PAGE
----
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Not another bar joke. It wasn’t funny

Booze flows from tap in Kerala but there was no party
Water being pumped out from the well to remove the alcohol that had seeped in

K.M. Rakesh   |   Bangalore   |   Published 05.02.20, 09:39 PM

In Biblical times at Cana in Galilee, water is said to have been turned into wine by higher powers. Earlier this week at Solomon’s Avenue Apartments in Kerala, tap water was turned into ready-to-serve alcohol by a power whose potency cannot be taken lightly.

At Cana, the witnesses considered themselves blessed. In Kerala, the recipients are cursing their luck.

The occupants of the apartments at Thrissur district in north Kerala woke up on Monday morning to a mixture of alcohol and water flowing from their taps.

Some in Kerala, a state that consumes copious amounts of liquor, and the rest of the world may have considered it a tippler’s dream come true but it was a living hell for the 18 families residing in the building and scrambling to go about their business at the start of the week.

“It affected life in the apartment. Children had to skip classes and their parents stayed back because of the lack of water. Since I am the co-owner, I too had to take leave for two days to sort out the issue,” Joshy Maliakkal, co-owner of the building that is controlled by his family trust that has rented it out to 18 families, told The Telegraph.

“Those who think it is fun should experience the situation. We are trying to pump out all the water from the well. But it still reeks of alcohol,” he added.

Initially, the residents had no clue about the source of the liquor flowing from their taps.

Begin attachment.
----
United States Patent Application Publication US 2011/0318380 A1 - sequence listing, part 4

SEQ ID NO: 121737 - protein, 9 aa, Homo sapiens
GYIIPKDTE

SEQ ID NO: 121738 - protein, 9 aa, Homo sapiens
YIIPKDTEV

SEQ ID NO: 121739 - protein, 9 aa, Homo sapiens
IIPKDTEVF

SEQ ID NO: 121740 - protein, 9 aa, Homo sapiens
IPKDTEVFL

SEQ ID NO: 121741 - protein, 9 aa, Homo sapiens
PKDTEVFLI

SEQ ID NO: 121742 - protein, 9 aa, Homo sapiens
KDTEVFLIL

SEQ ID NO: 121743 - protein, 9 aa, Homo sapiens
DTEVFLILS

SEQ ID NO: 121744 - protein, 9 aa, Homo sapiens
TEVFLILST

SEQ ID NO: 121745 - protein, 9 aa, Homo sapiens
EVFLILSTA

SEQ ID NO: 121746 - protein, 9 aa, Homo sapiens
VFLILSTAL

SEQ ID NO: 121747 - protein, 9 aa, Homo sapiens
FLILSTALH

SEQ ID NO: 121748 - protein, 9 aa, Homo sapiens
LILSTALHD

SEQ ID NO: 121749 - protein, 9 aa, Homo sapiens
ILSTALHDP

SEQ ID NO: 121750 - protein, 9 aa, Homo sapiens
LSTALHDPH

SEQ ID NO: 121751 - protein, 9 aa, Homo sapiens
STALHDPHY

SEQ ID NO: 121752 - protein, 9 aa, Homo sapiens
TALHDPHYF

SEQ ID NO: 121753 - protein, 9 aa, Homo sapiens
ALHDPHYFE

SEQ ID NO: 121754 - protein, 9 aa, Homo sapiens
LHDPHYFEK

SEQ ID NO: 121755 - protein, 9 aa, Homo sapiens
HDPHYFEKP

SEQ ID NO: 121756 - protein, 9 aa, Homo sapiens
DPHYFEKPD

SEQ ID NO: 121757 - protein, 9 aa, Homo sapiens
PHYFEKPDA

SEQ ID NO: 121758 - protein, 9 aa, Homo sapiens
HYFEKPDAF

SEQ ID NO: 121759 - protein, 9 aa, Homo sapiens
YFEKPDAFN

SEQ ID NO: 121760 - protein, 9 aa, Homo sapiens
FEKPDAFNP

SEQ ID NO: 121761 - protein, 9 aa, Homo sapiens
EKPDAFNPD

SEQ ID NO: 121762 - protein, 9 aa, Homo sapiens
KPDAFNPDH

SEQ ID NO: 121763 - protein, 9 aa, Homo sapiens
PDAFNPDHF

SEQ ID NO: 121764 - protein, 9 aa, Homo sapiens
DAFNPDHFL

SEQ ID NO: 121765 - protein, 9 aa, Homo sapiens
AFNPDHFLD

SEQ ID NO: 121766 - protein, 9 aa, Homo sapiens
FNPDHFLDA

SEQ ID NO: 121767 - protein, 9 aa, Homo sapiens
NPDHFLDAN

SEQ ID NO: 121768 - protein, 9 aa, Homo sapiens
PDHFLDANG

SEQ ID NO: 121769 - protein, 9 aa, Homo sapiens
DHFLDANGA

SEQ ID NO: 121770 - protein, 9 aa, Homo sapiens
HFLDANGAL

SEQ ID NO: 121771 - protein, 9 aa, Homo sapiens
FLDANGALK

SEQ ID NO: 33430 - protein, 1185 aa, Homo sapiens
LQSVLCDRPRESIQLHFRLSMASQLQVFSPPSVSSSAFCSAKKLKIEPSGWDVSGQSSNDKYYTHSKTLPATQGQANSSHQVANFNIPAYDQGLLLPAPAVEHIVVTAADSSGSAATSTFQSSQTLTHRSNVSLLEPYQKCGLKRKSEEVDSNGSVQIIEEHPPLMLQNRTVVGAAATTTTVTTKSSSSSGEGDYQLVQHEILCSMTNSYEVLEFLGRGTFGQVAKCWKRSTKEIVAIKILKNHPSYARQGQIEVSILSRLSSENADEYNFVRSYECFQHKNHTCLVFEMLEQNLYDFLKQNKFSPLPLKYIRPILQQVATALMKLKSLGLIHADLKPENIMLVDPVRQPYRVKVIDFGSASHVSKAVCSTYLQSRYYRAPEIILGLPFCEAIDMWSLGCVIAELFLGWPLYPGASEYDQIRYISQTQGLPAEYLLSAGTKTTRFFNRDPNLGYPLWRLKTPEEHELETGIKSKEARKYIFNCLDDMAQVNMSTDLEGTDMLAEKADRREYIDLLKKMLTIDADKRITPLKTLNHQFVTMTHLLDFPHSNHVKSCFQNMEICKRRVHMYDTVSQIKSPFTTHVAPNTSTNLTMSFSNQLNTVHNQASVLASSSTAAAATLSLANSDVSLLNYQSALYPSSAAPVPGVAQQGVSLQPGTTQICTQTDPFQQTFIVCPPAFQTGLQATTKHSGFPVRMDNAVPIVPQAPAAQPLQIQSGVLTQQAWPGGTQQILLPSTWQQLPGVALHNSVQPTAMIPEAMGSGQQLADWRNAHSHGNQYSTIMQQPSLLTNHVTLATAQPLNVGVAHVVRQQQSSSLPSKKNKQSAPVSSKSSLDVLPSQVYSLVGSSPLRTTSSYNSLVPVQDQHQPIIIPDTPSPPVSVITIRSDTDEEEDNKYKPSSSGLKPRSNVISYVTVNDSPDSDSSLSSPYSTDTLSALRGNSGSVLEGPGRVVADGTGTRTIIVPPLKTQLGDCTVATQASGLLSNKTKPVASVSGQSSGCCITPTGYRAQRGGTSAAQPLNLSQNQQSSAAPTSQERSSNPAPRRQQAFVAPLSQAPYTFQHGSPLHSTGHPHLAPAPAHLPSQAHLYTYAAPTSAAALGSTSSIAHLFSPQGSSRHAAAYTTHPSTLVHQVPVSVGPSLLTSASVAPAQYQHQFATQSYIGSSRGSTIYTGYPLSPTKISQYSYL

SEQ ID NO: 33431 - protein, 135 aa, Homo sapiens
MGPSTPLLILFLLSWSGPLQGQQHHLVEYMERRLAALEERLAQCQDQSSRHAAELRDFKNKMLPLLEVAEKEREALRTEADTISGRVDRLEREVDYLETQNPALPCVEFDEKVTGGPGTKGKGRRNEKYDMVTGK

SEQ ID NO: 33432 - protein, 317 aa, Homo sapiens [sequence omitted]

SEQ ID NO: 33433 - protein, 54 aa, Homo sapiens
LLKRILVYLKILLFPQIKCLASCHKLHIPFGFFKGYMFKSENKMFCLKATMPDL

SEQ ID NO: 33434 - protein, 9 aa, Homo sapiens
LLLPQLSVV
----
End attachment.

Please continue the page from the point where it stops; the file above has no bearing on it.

An investigation revealed that the well that supplied water to the overhead tanks was reeking of liquor.

Eventually, the residents narrowed down on the reason: a ham-handed effort at disposing of liquor seized by the excise department, which wields considerable clout in the state where liquor had contributed to the government an excise revenue of Rs 14,504.67 crore in 2018-19. To put it in perspective, Bengal, a far bigger state than Kerala, earned Rs 10,554.36 crore in excise in the same year.

Six years ago, excise sleuths had cracked down on Rachana Bar in the Thrissur neighbourhood on the charge of unlawfully storing 6,000 litres of various brands of spirits. Recently a local court ordered the excise department to destroy the liquor. But that threw up a new challenge — where to dump the entire stock.

The department hired labourers to dig a pit in the bar compound adjacent to the apartment complex, and very close to the well. In an operation lasting more than six hours starting 2pm on Sunday, the labourers emptied the bottles in the pit, apparently not realising the liquor would seep into the well.

Maliakkal, the co-owner of the building, said he still could not figure out why the bottles were emptied into a pit so close to the well.

“They could have easily emptied the liquor bottles elsewhere in the bar property of 52 cents (approximately 2,100 square metres). Instead, they ended up causing so much inconvenience to all of us,” Maliakkal said.

In order to placate the residents, the excise department arranged for 5,000 litres of fresh water on Monday.

“The well water is otherwise of good quality and our tenants use it for drinking and washing. But since Monday the occupants have been dependent on erratic water supply that starts only at night,” Maliakkal said.

Ignoring pleas by excise officials, he has filed a police complaint. “The excise officials tried to dissuade me, but I went ahead and filed a police complaint and brought inspectors to the site,” he said.

Maliakkal now plans to approach the district collector and the police commissioner.

Deputy excise commissioner P.K. Sanu admitted the “lapse” on the part of the officials who handled the liquor disposal but clarified that it was an accident and not a deliberate act.

“There was a lapse on the part of the officials who were there that day. But they did not know about the well in the neighbouring property. It was an accident and not a deliberate act,” Sanu told this newspaper.

“I have been told by the circle officer that they are doing everything to pump out the well water that smells of alcohol. We will make sure the water is clean to the satisfaction of the residents,” he added.

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